General Motors Holden is on a collision course with closure.
It was possible to secure GMH’s future prior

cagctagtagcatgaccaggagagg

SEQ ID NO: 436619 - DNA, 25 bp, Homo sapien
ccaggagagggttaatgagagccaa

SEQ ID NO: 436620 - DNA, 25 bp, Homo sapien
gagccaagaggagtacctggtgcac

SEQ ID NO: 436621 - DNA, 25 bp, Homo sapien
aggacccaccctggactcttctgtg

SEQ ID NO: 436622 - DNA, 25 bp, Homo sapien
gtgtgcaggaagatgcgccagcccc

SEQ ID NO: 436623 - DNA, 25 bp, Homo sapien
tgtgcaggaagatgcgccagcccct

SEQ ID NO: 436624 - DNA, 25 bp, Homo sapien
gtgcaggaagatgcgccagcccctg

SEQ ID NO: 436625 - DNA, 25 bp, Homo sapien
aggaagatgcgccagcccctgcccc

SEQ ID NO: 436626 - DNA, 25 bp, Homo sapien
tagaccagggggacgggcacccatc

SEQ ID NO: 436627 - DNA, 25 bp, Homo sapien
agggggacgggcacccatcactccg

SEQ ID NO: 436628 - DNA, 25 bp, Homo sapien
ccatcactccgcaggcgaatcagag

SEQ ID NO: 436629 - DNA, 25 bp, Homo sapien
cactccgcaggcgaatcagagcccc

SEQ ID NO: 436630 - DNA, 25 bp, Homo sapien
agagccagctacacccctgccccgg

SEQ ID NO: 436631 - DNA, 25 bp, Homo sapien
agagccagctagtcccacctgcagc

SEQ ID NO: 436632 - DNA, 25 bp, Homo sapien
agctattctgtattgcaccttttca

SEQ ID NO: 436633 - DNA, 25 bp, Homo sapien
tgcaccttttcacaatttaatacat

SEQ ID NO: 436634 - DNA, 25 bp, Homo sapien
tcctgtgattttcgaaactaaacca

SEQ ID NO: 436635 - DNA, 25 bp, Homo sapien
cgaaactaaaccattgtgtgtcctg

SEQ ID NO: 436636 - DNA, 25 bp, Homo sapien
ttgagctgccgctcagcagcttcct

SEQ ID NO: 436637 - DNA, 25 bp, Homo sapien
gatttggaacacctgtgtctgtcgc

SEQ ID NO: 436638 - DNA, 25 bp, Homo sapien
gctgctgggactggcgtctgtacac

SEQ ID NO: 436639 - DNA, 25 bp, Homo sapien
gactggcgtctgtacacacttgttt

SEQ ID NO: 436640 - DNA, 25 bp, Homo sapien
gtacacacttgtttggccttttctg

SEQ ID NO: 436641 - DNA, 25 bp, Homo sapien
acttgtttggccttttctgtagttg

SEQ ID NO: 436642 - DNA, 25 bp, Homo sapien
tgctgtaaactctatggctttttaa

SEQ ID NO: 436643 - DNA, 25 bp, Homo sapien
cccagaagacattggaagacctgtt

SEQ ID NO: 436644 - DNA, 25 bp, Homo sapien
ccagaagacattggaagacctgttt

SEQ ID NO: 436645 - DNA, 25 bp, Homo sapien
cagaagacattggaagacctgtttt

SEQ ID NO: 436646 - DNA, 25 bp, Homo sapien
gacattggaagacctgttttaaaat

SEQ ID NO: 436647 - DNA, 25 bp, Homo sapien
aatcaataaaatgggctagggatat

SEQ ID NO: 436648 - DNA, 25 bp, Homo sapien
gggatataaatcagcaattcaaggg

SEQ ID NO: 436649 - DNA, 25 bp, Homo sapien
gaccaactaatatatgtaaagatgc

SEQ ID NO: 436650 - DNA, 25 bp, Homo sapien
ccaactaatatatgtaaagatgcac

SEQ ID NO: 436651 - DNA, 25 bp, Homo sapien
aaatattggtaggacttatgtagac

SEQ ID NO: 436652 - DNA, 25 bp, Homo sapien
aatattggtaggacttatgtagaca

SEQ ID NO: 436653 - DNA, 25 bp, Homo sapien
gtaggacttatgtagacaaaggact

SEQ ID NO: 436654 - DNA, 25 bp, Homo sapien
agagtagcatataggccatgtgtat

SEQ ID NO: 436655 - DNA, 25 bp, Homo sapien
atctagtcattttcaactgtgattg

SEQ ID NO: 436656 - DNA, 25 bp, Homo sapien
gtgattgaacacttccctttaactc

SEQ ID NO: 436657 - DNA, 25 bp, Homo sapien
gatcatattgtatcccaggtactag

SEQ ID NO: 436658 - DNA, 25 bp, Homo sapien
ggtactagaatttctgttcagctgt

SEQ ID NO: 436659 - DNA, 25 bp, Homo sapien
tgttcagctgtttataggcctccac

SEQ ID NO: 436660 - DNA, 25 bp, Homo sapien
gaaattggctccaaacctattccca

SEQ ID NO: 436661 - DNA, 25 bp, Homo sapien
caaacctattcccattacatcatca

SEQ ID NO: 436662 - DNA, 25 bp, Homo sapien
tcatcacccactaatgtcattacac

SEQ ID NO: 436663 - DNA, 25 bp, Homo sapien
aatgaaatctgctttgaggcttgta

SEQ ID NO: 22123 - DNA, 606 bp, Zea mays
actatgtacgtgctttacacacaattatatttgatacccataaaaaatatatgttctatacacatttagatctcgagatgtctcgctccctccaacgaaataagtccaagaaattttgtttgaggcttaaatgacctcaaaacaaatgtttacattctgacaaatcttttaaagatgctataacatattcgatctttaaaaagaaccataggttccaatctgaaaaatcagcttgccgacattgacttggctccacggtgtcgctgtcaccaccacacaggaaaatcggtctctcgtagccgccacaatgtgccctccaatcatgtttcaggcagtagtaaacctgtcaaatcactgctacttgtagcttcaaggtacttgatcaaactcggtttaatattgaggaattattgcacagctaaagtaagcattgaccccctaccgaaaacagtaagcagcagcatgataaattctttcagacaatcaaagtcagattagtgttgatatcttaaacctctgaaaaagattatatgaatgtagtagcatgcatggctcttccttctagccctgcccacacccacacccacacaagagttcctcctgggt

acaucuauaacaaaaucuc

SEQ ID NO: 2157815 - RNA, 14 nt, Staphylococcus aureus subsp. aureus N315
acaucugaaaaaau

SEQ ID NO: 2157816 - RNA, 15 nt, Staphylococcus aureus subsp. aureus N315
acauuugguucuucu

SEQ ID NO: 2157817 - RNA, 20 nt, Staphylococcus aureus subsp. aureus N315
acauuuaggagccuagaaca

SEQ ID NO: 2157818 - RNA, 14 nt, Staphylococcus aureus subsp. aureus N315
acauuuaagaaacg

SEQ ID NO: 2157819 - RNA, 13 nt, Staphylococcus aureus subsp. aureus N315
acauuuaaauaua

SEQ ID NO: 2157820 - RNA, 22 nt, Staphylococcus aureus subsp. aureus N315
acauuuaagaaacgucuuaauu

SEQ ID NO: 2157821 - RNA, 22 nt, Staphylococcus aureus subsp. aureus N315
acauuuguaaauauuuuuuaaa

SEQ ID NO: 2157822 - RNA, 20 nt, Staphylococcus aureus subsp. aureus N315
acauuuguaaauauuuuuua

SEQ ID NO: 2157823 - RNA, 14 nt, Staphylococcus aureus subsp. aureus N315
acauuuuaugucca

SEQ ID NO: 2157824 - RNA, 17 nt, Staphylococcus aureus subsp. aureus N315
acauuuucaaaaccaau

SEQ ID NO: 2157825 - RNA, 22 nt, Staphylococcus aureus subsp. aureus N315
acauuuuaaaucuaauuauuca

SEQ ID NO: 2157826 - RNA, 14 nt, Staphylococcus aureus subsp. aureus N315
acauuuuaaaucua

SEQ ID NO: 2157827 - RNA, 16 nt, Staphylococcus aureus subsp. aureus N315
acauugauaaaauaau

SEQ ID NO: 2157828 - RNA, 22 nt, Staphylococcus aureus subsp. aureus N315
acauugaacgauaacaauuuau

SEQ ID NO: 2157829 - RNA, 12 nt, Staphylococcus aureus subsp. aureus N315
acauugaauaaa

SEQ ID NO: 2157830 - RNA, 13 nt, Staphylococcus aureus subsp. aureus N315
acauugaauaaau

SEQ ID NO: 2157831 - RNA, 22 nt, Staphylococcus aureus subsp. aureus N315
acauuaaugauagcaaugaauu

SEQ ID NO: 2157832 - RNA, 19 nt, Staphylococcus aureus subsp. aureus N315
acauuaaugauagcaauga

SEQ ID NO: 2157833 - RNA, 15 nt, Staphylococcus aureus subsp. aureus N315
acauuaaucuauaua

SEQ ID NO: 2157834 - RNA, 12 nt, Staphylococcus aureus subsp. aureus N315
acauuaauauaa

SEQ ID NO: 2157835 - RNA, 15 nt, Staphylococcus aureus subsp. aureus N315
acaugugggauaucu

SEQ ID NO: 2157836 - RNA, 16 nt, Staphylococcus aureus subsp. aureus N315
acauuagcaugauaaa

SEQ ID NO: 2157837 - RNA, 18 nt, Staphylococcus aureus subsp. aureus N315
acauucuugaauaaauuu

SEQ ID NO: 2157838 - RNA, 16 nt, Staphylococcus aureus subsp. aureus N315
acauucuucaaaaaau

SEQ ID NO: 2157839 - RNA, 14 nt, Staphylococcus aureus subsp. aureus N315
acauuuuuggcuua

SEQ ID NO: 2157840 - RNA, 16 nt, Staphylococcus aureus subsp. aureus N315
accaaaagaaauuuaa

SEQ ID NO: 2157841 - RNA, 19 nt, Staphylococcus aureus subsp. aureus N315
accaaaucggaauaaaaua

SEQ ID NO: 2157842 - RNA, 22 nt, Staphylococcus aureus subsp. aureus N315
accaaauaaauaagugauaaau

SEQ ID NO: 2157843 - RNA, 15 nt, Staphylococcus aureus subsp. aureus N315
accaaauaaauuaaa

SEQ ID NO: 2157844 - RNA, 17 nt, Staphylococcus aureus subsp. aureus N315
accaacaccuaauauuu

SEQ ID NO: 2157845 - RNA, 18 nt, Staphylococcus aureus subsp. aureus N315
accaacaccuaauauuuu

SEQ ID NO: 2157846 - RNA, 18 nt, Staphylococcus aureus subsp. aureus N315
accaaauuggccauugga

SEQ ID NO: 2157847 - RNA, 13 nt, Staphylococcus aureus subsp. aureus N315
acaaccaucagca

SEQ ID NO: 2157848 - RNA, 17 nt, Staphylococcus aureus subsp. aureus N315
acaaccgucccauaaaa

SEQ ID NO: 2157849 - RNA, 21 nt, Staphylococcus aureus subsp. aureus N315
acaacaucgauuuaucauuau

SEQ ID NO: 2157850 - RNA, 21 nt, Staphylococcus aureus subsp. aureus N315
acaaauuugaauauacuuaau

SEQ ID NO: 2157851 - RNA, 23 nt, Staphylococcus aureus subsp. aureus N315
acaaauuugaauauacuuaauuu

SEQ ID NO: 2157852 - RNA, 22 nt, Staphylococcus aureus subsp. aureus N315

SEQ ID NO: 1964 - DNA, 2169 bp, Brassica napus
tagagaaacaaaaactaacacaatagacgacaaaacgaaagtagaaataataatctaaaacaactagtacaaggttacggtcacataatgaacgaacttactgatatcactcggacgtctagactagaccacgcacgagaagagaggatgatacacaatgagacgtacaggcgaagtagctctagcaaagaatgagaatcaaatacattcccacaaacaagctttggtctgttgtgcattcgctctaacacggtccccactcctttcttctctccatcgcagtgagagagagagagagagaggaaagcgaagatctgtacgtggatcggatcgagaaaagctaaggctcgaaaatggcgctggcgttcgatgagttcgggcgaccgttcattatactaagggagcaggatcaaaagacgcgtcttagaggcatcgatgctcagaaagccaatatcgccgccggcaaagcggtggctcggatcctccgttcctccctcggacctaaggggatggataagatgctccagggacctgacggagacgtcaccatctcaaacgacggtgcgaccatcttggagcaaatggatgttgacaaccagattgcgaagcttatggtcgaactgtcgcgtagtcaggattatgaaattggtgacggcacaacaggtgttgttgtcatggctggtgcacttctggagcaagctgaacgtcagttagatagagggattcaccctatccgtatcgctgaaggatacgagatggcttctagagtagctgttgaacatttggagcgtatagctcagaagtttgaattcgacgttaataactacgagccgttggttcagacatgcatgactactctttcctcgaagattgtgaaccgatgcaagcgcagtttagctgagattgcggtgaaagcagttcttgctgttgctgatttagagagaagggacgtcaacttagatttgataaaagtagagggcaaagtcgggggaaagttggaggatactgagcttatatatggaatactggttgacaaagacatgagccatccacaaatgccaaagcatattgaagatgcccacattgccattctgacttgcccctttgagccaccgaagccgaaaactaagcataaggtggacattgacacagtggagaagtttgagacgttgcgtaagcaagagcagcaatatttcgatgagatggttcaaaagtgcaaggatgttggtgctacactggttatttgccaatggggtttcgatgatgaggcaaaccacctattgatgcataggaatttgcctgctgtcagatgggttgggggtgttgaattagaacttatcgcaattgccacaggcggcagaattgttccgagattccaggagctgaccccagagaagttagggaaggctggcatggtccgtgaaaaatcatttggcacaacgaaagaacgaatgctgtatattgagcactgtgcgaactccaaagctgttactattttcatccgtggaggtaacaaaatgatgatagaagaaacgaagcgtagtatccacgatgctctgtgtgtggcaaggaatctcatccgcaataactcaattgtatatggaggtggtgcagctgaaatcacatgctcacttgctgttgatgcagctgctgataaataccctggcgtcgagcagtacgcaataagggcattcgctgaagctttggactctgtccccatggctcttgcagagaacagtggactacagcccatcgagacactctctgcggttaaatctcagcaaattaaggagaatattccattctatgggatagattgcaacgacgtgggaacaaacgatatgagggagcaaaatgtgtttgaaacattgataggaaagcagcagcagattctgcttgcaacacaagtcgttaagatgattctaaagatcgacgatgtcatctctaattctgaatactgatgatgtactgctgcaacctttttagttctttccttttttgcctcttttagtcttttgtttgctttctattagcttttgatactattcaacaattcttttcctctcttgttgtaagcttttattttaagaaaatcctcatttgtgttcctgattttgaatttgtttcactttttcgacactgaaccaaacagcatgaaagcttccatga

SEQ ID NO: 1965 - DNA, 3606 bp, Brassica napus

to the federal election if bipartisan support for a co-investment package was pledged but it wasn’t. Instead, assistance to the industry became a political football. The major auto producer had made it well known over recent years that it needed continued co- investment from the Federal and State Governments to maintain its operations in Australia. Chief Executive Mike Devereux was extraordinarily candid about the need for government to continue supporting the industry or risk closure. He made it clear that the future of production facilities in Australia was contingent on resolution of a co-investment package by late this year. A pre-election commitment of $225m in co-investment from the former Labor Federal Government had been secured along with $50m from the South Australian Government. GMH employees offered up a wage freeze as a contribution to making the plant viable over coming years. As it turned out, this wasn’t enough. GMH asked for more, claiming that global economic conditions had further eroded the competitiveness of their Australian operations. Rumours circulated that the price tag for staying in Australia had risen to around $500m – a number that caused many to question continued support for the company. It appeared that key figures in the Coalition shared this view while some like Ian Macfarlane harboured a more pragmatic position on what was needed. In the lead up to the federal election the Coalition pledged to cut automotive industry assistance by $500m and commission a Productivity Commission inquiry into the future of the automotive industry that would delay any decision on support for the ailing manufacturer until the end of March 2014. With the election of the Coalition to government, GMH were confronted with this reality, an outcome that very likely triggered a decision at GM headquarters to close down its Australian operations. The warning signs loom large. The recent announcement that GMH boss, Mike Devereux, would leave Australia by the end of the year to head up General Motors’ Asia Pacific operations was ominous. Devereux had played a pivotal role in the negotiations with the former Federal Government to try and secure a deal going forward. It is hard to have confidence in the future of General Motors’ Australian operations knowing that he will be leaving at such a pivotal time. It suggests that GM is keen to insulate the capable Devereux from the stench of closure. Adding to the gloom was the decision by visiting GM executive, Stefan Jacoby, to turn down a request from the new Industry Minister, Ian Macfarlane, for high-level talks during his brief Australian visit. Combined, all of these circumstances suggest that an announcement to close General Motors’ Australian manufacturing operations is probably immanent. There is another possible outcome. GM might decide to continue manufacturing the Commodore and Cruze on their existing production platform for a few more years. Further cuts in the size of the workforce would almost certainly flow from this strategy prior to a decision to close by the end of the decade. Much more likely is an early December decision to close. Leaving it later in the year would be too cruel a blow for a workforce damaged by continued uncertainty. What would save GMH at this late hour? Well, nothing less than an announcement over the next few weeks by the Prime Minister that the Coalition is willing to co-invest upwards to $400m in the future of the GMH operations over the next decade. This is not a realistic outcome given the processes set in train by the Coalition Government through the Productivity Commission. An interim report by the Commission is due by the end of this year. While it may well draw attention to the great costs associated with losing the industry, the Productivity Commission is likely to conclude that other industries will benefit from the redirection of the skills and capital currently available to the industry – a view rooted in myopic neo-liberal economic orthodoxy. If GMH closes, GM will not reinvest in other sectors. It will consolidate its operations off shore, resulting in a net loss of investment. What Holden has been seeking to secure in Australia reflects global automotive and manufacturing industry realities. For decades high tariffs on imported cars protected the domestic automotive manufacturing sector. As these came down other forms of assistance became necessary to deal with the reality that the Australian automotive sector is playing on a very uneven economic playing field – per capita funding for the industry in Australia is around $18 compared to $90 in Germany and $96 in the US. Non-tariff barriers on the export of Australian vehicles to some countries in Asia provide insurmountable barriers to entry. In the real world, industry development is a beneficiary of government assistance and investment – a fact that is much more obvious in other nations, particularly in the automotive industry. A great deal is now at stake if GMH closes. It could trigger the collapse of the Australian automotive industry, an industry responsible for 200,000 jobs and $21 billion in economic activity. In South Australia the closure of GMH would lead to the loss of up to 13,000 jobs, a devastating shock to families and communities at a time when manufacturing employment has been in sharp decline – over 30,000 manufacturing jobs have been lost since the GFC. What this means is that a high proportion (more than one- third) of workers are likely to experience long-term unemployment in the absence of a very substantial assistance package – one designed to generate both short- term employment opportunities through investment in infrastructure projects and drive the growth of new industry development opportunities that respond to demand. On the former, Raymond Spencer, Chair of the State’s Economic Development Board, was absolutely right to argue for a substantial boost in government investment in infrastructure over years to come. We have among the lowest public debt levels in the western world. Being parsimonious about the use of public debt to fund the modernisation of productivity-enhancing social and physical infrastructure is dangerously shortsighted. If GMH closes in weeks or months to come, its parent company GM must leave more than the legacy of job and component supplier losses. It must invest, along with the Federal and South Australian Government, in major infrastructure and industry development projects that help recover from the crisis the closure would create. An adjustment package in excess of $500m will be needed to support this along with commitments to provide continuity of work for our major defence manufacturing contractors who face a sharp decline in their operations if new Australian government contracts are not awarded in the near future. Out of crisis might come transformative change for the better but only if we invest in it. Associate Professor John Spoehr is the Executive Director of the Australian Workplace Innovation and Social Research Centre at the University of Adelaide